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More cracks showing in U.S. economic expansion

By Masao Suzuki |
June 10, 2019
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San José, CA - More cracks showed up in the U.S. economic expansion as the May employment report saw a gain of only 75,000 net new jobs, less than half what most economists expected. In addition, the Labor Department revised the job creation numbers down by 75,000 for March and April. Over the last four months the economy has added new jobs at a rate of 130,000 per month, much less than the 223,000 new jobs added each month on average in 2018.

In addition to the weak jobs report, workers’ average hourly earnings gained only 3.1% over the last year, a slower rate that in April and March. Manufacturing worker jobs have gained only 5000 over the last three months as slowing car sales as well as Trump’s trade war weighed on factories. Gains in construction jobs also weakened, with a small gain of 4000 new jobs, despite lower mortgage interest rates that were expected to boost housing sales and construction.

More indications of a weaker economy also boosted the bond market. Demand for bonds, which is how governments and big businesses borrow, usually grows when more signs of a recession appear. As bond prices rose, interest rates fell again, maintaining the so-called ‘inverted yield curve’, where interest rates on longer-term bonds (typically those due in ten years) are less than interest rates on shorter-term bonds (such as 30 to 90 days). Typically, the interest rates on longer-term bonds are higher than shorter-term bonds because of greater chances of inflation. The inverted yield curve is one of the surest financial market signs of an oncoming recession.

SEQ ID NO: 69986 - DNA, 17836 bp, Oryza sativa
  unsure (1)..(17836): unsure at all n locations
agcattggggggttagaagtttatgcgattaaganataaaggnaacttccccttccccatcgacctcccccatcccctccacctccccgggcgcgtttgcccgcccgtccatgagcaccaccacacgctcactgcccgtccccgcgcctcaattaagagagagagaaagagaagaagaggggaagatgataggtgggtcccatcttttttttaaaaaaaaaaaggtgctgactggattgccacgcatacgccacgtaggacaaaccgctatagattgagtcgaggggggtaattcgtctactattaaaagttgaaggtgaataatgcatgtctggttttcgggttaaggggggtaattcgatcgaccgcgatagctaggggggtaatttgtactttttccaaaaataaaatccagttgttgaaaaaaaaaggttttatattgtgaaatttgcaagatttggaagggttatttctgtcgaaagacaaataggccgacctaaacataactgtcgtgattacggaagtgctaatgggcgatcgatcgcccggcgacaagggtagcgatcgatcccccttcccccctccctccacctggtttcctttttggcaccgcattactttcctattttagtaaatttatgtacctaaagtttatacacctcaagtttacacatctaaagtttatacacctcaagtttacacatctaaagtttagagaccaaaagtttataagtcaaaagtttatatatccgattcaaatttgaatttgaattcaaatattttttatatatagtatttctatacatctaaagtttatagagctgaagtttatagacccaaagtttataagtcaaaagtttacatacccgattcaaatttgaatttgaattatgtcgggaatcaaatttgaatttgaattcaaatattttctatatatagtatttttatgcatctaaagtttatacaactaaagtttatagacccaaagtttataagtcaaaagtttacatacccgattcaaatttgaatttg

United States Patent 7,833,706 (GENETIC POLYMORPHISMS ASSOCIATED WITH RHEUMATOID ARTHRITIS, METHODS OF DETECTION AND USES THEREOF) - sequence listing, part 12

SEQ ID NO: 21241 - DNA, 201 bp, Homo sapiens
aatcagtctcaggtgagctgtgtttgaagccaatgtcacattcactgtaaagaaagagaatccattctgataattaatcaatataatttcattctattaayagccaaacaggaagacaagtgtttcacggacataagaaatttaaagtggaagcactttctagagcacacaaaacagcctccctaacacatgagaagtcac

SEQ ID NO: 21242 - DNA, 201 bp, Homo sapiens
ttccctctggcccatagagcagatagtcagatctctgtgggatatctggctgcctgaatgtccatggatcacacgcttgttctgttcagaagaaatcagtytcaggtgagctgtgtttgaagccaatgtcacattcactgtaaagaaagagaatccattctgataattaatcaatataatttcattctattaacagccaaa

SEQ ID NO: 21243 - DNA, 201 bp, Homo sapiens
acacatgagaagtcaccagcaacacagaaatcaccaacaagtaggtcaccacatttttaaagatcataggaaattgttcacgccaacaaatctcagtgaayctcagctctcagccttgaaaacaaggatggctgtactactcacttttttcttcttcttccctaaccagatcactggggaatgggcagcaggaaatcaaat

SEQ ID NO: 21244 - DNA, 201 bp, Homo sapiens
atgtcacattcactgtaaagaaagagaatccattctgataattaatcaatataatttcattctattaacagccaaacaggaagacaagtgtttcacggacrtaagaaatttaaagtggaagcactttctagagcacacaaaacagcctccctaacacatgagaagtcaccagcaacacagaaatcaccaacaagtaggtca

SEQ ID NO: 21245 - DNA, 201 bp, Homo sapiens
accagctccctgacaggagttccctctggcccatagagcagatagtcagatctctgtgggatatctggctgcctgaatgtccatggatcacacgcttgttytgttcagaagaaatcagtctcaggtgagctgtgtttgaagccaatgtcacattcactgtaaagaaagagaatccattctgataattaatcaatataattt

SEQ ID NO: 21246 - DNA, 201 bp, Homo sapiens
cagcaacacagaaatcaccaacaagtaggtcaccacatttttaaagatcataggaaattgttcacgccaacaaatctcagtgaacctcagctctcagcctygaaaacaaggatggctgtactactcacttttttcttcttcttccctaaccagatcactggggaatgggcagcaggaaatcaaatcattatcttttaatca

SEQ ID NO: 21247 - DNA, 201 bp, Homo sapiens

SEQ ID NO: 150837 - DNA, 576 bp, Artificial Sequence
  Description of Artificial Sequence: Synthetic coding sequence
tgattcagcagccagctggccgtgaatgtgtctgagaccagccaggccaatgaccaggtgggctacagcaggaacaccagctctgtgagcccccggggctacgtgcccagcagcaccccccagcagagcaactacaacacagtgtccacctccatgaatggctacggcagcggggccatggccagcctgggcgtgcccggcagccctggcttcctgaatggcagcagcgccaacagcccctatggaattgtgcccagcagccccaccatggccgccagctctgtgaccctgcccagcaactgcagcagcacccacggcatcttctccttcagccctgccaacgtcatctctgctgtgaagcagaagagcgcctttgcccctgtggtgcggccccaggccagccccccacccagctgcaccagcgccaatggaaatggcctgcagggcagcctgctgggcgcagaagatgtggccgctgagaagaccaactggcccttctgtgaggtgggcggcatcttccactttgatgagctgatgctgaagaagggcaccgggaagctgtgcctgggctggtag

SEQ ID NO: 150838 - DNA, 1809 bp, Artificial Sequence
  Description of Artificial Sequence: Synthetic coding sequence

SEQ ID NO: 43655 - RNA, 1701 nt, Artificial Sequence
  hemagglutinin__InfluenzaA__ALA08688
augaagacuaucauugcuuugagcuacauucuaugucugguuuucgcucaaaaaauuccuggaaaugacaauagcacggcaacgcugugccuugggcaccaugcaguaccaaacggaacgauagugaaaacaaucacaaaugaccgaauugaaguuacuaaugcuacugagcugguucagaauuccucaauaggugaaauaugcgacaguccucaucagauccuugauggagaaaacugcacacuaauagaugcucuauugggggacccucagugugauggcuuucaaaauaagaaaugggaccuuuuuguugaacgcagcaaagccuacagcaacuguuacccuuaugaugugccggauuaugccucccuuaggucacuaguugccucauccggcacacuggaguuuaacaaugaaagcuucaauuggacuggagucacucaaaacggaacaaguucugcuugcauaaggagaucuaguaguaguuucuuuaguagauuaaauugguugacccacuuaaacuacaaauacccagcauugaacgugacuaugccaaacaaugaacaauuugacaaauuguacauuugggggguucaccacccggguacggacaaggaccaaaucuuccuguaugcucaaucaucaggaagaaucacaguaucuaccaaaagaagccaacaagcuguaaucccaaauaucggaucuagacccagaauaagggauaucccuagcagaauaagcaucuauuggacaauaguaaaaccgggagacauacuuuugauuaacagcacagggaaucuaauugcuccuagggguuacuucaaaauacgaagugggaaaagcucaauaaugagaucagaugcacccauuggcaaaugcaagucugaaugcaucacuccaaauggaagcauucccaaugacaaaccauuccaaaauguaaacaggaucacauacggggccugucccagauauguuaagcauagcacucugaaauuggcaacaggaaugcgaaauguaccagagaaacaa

There were also growing expectations that the Federal Reserve Bank will cut interest rates, perhaps as much as a half percentage point, this month or next month. This continued the party on Wall Street as stocks markets gained across the board on the hope that lower interest rates will boost profits for heavily indebted corporations. The fact that stock markets rose on signs of a weaker economy is just another example that stocks don’t represent the economy.

The stock market rally may prove to be a short-sighted view on the part of wealthy investors, as the last two times that the Federal Reserve cut interest rates, a recession began within three months in both 2001 and 2007. In both cases stocks ended lower a year after the first cut, as the growing recessions took its toll on corporate profits.